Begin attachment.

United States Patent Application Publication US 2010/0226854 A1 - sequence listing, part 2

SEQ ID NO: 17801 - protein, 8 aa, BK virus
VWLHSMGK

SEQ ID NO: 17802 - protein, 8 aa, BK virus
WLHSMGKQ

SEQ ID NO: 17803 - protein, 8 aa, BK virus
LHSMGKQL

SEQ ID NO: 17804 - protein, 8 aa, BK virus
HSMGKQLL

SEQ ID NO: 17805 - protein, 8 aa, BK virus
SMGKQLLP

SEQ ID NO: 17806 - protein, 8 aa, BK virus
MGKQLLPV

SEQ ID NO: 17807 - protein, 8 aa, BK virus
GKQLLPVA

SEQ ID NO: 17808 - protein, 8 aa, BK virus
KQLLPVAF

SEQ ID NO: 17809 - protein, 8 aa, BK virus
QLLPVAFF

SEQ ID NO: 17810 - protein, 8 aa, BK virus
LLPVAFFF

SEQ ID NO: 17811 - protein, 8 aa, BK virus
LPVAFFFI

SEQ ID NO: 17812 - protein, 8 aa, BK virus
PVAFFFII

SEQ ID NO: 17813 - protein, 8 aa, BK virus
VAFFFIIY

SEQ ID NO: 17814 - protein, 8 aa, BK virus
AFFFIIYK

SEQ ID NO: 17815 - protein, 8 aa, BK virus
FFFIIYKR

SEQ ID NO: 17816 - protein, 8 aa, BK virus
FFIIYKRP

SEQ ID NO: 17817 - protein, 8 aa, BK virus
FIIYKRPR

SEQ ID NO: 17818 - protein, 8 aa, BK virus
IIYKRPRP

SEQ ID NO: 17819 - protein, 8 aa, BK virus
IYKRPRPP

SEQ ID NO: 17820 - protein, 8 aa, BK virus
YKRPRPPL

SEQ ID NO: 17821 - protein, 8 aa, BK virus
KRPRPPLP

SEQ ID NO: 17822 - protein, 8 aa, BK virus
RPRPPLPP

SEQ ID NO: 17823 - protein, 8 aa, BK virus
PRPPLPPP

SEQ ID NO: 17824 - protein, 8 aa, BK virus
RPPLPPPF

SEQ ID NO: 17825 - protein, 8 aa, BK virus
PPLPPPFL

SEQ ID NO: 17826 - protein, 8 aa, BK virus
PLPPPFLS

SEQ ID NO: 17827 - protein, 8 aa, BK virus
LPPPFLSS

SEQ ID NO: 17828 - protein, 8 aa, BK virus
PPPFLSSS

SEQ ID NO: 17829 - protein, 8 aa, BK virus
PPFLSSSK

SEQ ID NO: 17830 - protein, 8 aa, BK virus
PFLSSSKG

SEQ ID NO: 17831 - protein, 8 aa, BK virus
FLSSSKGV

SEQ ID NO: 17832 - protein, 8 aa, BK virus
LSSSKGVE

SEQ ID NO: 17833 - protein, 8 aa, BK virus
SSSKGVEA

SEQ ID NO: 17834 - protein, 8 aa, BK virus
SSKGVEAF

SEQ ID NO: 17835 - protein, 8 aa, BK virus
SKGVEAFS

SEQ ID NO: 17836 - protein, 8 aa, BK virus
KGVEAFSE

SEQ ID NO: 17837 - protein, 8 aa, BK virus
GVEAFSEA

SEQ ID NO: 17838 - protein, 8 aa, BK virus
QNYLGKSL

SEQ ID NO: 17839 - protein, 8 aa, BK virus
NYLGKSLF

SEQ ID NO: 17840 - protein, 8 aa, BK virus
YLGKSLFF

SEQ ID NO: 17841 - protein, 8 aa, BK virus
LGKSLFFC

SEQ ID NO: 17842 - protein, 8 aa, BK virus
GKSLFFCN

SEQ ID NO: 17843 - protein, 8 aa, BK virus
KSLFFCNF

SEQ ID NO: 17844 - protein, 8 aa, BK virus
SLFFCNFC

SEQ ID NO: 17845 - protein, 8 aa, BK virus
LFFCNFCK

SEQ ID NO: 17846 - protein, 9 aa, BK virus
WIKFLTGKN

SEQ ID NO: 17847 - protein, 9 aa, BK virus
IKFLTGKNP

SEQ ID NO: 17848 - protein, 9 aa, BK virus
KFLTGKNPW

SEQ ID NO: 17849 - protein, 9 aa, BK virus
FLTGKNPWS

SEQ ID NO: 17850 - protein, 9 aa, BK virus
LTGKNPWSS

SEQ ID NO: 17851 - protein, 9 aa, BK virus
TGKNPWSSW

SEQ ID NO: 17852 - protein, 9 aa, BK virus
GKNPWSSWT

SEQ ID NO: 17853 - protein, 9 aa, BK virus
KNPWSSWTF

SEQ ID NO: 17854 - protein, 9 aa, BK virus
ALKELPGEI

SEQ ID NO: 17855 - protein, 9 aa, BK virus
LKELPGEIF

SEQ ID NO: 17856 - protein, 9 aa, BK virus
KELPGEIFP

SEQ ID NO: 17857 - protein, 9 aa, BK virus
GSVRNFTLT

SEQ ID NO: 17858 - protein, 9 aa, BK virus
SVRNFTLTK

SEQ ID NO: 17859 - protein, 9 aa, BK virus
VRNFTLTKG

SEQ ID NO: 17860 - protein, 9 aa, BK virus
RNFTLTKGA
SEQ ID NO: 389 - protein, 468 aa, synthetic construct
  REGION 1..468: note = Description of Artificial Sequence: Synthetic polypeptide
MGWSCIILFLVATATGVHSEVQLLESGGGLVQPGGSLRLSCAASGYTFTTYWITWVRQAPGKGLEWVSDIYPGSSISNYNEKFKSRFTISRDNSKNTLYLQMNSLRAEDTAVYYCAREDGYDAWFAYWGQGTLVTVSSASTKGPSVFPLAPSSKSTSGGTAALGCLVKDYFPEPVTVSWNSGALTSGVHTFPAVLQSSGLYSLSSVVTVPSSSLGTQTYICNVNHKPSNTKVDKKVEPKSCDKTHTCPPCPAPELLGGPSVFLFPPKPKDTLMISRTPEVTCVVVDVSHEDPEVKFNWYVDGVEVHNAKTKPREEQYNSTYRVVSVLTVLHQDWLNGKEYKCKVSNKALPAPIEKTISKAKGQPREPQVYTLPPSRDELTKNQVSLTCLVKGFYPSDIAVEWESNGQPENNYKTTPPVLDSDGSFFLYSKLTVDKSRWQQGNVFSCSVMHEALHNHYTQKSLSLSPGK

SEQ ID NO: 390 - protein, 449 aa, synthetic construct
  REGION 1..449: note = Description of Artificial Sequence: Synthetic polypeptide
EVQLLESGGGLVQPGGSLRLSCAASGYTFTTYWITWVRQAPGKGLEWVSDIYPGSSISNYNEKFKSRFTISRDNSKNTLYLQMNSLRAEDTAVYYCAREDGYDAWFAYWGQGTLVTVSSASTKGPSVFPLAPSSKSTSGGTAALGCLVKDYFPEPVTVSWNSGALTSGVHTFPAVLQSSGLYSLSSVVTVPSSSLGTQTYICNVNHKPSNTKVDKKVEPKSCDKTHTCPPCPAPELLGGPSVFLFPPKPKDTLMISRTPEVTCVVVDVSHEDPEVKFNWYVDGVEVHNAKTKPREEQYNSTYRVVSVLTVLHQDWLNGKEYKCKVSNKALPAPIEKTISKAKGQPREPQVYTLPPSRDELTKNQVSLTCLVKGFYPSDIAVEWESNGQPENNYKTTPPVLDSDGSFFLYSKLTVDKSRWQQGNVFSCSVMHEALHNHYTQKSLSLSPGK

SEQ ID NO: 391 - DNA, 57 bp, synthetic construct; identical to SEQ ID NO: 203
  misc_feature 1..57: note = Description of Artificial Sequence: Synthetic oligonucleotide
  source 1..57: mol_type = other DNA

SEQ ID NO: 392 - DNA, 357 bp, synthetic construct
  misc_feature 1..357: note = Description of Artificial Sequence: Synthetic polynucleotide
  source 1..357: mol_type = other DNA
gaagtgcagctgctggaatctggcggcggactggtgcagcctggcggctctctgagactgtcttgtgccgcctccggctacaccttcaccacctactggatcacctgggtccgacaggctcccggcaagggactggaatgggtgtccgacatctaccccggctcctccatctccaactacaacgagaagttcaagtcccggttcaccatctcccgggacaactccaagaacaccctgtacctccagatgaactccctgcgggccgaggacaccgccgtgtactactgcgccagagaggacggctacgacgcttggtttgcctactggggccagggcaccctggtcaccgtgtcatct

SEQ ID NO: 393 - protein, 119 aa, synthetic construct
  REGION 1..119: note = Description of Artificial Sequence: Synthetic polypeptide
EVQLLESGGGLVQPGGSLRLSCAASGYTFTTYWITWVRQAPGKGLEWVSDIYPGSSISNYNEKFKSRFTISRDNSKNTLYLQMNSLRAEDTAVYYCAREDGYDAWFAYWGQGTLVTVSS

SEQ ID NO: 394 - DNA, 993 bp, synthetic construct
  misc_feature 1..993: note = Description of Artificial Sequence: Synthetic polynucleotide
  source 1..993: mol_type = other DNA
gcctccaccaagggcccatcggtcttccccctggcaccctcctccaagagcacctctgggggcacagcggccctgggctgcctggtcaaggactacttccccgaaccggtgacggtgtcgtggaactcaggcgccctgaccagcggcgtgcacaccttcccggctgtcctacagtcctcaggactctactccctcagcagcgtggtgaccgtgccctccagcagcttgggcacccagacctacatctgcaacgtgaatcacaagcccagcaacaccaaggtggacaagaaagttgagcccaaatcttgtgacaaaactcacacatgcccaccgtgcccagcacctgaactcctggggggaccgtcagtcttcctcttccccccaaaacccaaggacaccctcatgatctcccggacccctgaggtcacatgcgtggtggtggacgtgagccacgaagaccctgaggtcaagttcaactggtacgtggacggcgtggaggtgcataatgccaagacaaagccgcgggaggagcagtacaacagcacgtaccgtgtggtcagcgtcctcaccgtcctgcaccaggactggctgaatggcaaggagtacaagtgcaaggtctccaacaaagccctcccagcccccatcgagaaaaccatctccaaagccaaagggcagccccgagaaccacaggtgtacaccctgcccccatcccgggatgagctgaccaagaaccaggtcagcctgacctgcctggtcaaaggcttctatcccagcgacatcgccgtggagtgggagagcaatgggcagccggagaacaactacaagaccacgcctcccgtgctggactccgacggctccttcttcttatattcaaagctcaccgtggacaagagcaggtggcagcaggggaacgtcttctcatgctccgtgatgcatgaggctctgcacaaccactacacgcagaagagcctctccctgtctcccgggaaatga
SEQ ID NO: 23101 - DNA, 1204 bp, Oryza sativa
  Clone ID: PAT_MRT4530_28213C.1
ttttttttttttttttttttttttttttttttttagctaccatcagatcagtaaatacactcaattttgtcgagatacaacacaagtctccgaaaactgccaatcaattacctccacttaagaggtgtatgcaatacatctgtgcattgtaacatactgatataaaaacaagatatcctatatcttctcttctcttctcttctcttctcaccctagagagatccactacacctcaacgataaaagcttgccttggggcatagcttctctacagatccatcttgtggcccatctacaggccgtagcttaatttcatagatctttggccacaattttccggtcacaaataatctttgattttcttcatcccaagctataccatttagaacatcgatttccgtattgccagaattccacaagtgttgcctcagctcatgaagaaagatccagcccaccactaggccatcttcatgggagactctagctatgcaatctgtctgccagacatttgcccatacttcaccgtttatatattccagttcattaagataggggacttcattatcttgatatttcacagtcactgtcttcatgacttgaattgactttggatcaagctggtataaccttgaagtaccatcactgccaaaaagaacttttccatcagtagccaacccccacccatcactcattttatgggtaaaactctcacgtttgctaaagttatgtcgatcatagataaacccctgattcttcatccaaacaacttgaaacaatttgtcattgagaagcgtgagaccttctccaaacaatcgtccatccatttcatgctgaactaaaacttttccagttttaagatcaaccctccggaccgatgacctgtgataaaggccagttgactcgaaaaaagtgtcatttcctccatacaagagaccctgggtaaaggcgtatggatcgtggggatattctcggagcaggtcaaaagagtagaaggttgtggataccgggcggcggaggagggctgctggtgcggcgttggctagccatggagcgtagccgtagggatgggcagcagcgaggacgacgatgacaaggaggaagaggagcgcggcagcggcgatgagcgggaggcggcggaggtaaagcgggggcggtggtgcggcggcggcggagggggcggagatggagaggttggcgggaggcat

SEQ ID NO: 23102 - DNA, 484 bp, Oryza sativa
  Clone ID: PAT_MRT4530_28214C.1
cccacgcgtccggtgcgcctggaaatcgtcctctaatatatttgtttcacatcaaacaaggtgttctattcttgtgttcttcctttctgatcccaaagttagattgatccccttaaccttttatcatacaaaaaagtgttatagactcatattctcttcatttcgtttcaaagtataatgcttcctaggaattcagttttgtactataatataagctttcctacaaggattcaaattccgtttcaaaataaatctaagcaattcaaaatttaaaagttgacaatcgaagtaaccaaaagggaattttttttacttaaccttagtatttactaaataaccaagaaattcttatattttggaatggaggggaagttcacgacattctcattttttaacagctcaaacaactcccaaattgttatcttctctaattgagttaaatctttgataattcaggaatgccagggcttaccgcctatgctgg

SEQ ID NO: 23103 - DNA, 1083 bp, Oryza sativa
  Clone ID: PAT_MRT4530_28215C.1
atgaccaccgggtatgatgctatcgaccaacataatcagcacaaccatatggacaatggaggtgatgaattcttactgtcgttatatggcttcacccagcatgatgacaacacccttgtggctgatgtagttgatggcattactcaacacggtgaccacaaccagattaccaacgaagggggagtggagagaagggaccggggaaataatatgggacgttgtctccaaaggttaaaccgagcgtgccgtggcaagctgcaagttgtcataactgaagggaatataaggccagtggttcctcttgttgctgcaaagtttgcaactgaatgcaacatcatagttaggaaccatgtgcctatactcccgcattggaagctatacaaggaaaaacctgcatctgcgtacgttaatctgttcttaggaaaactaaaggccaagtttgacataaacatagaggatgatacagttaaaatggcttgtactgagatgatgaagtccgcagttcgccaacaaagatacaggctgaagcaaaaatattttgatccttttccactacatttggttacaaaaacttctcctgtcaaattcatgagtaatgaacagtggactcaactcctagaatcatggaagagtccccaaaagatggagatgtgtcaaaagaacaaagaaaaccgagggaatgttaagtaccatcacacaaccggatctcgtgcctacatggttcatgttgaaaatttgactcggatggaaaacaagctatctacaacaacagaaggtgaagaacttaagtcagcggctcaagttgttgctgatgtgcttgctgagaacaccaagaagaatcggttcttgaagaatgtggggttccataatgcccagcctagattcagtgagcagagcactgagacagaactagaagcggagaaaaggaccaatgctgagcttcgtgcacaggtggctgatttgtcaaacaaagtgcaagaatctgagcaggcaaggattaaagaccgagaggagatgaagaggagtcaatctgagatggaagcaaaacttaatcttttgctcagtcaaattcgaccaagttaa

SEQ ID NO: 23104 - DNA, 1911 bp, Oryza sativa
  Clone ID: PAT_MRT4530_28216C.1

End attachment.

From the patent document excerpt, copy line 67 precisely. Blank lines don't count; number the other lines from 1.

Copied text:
SSSKGVEA